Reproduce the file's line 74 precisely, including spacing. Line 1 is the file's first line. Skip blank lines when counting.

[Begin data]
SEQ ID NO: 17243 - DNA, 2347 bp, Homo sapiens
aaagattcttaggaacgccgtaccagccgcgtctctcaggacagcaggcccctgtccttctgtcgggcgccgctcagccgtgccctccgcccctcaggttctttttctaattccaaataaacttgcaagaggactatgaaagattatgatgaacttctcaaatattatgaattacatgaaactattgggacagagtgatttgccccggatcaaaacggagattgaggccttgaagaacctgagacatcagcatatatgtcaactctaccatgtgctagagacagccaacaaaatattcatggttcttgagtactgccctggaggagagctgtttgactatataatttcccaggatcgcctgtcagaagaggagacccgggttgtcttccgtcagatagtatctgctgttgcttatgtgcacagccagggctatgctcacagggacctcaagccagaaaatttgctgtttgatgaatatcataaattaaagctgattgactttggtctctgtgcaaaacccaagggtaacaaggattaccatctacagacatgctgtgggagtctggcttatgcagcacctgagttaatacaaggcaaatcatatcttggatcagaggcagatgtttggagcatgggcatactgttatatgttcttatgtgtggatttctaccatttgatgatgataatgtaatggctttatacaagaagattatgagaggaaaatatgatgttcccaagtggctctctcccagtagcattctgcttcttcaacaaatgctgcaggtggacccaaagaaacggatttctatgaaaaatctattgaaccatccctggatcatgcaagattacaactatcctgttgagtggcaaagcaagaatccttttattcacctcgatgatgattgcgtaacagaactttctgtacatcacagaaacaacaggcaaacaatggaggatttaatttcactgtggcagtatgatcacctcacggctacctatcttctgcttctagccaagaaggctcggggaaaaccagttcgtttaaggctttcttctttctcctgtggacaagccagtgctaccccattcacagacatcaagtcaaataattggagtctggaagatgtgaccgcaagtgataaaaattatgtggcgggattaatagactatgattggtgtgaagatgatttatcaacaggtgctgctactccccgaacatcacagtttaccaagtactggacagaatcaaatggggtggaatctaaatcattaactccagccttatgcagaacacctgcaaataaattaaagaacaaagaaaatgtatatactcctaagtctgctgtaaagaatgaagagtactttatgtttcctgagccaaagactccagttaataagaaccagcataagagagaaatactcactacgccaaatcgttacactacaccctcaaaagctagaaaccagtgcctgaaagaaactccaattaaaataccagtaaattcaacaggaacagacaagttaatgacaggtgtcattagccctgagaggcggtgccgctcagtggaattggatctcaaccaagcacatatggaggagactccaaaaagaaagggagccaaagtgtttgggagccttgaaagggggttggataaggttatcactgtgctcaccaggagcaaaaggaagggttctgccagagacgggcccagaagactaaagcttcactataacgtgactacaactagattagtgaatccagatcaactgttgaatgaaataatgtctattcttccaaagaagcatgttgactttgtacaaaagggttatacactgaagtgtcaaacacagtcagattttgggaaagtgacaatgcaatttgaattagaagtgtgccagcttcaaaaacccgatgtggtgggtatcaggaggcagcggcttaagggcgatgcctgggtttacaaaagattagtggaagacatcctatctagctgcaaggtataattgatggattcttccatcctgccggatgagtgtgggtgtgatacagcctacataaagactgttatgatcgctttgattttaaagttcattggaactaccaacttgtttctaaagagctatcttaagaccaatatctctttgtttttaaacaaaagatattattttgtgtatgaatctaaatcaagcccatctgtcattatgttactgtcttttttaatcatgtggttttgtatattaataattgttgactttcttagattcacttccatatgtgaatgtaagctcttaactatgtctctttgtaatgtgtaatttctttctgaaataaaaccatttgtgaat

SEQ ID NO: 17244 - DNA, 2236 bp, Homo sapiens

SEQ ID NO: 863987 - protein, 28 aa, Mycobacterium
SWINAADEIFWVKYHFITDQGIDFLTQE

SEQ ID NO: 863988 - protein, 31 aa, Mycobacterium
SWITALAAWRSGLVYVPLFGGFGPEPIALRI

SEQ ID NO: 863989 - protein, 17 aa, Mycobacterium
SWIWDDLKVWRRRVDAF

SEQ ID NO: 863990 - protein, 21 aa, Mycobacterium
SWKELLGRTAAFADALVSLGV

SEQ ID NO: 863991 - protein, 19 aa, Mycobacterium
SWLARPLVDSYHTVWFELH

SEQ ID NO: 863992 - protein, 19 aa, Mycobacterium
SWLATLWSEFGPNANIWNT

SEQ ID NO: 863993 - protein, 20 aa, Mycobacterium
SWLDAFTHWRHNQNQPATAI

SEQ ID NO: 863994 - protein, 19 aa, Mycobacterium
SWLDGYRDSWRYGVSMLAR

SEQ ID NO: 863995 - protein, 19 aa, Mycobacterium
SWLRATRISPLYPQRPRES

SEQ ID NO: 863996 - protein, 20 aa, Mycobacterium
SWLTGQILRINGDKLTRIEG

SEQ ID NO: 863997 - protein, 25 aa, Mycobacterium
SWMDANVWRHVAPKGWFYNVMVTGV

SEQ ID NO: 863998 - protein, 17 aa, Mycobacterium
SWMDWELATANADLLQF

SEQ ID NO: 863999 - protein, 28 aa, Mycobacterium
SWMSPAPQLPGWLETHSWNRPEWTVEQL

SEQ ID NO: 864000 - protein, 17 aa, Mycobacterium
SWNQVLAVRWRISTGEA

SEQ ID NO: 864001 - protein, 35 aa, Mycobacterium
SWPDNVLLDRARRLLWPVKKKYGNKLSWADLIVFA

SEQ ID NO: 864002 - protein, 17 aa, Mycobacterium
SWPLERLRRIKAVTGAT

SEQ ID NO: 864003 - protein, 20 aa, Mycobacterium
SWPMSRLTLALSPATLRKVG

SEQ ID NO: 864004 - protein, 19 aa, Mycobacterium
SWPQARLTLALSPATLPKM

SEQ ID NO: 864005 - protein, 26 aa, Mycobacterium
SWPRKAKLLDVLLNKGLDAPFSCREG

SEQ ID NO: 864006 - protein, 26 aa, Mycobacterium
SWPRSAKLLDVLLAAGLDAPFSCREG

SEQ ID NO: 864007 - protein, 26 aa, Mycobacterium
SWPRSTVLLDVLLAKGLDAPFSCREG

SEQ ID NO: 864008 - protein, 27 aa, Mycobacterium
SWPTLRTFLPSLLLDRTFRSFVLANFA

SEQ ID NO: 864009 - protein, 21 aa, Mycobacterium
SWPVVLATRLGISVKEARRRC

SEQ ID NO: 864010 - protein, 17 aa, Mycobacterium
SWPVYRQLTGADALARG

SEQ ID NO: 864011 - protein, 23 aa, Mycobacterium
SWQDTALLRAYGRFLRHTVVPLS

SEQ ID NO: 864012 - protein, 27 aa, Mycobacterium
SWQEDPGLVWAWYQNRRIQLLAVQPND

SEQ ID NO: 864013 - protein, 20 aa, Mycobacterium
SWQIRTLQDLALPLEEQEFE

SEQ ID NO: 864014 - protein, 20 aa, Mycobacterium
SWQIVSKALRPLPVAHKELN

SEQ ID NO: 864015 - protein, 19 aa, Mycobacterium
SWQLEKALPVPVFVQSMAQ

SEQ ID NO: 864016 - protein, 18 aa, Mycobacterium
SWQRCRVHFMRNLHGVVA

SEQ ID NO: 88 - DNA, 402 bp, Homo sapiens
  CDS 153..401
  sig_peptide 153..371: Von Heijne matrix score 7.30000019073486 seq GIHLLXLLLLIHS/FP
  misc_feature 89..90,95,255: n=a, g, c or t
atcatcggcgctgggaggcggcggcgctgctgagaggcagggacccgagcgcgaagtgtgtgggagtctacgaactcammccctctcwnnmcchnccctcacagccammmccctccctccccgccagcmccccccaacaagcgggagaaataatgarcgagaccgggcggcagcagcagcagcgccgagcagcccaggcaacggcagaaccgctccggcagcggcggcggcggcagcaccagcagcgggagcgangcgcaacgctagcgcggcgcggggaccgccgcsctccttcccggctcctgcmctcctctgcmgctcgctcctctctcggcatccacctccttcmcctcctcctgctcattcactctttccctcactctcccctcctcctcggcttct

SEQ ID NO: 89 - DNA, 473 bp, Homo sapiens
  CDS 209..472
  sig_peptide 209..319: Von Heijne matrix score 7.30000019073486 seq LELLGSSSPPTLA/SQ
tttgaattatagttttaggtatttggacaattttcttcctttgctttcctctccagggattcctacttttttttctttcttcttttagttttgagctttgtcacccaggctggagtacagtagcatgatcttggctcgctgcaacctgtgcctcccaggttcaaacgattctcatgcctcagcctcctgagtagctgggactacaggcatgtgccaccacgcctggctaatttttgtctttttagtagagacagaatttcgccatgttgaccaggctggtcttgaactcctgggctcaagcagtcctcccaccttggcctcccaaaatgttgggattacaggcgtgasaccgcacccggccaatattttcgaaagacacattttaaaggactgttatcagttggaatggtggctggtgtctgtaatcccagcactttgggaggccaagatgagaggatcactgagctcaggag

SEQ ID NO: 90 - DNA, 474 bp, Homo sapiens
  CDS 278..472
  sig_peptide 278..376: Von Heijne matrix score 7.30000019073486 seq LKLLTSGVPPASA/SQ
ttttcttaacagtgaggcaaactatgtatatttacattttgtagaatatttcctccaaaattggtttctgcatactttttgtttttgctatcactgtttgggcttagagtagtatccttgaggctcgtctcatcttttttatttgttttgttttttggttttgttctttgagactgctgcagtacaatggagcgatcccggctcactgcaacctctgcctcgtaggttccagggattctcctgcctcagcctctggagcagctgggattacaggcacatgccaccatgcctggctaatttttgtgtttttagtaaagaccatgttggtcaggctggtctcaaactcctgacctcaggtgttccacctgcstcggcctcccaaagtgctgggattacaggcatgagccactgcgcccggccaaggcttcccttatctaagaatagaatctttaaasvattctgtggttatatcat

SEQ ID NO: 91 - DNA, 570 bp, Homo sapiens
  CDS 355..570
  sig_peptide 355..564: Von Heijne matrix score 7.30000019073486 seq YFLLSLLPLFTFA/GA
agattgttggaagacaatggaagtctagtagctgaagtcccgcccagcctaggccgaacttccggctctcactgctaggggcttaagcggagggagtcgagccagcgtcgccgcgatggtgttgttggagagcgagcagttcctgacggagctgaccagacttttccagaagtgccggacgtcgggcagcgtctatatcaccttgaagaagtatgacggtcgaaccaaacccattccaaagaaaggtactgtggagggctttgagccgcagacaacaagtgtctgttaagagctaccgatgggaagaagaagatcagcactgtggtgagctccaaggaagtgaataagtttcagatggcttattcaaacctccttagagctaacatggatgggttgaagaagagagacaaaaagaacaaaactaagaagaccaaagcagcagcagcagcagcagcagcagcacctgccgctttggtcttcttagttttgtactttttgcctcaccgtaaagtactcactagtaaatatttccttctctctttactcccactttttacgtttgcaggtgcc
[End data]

  CDS 278..472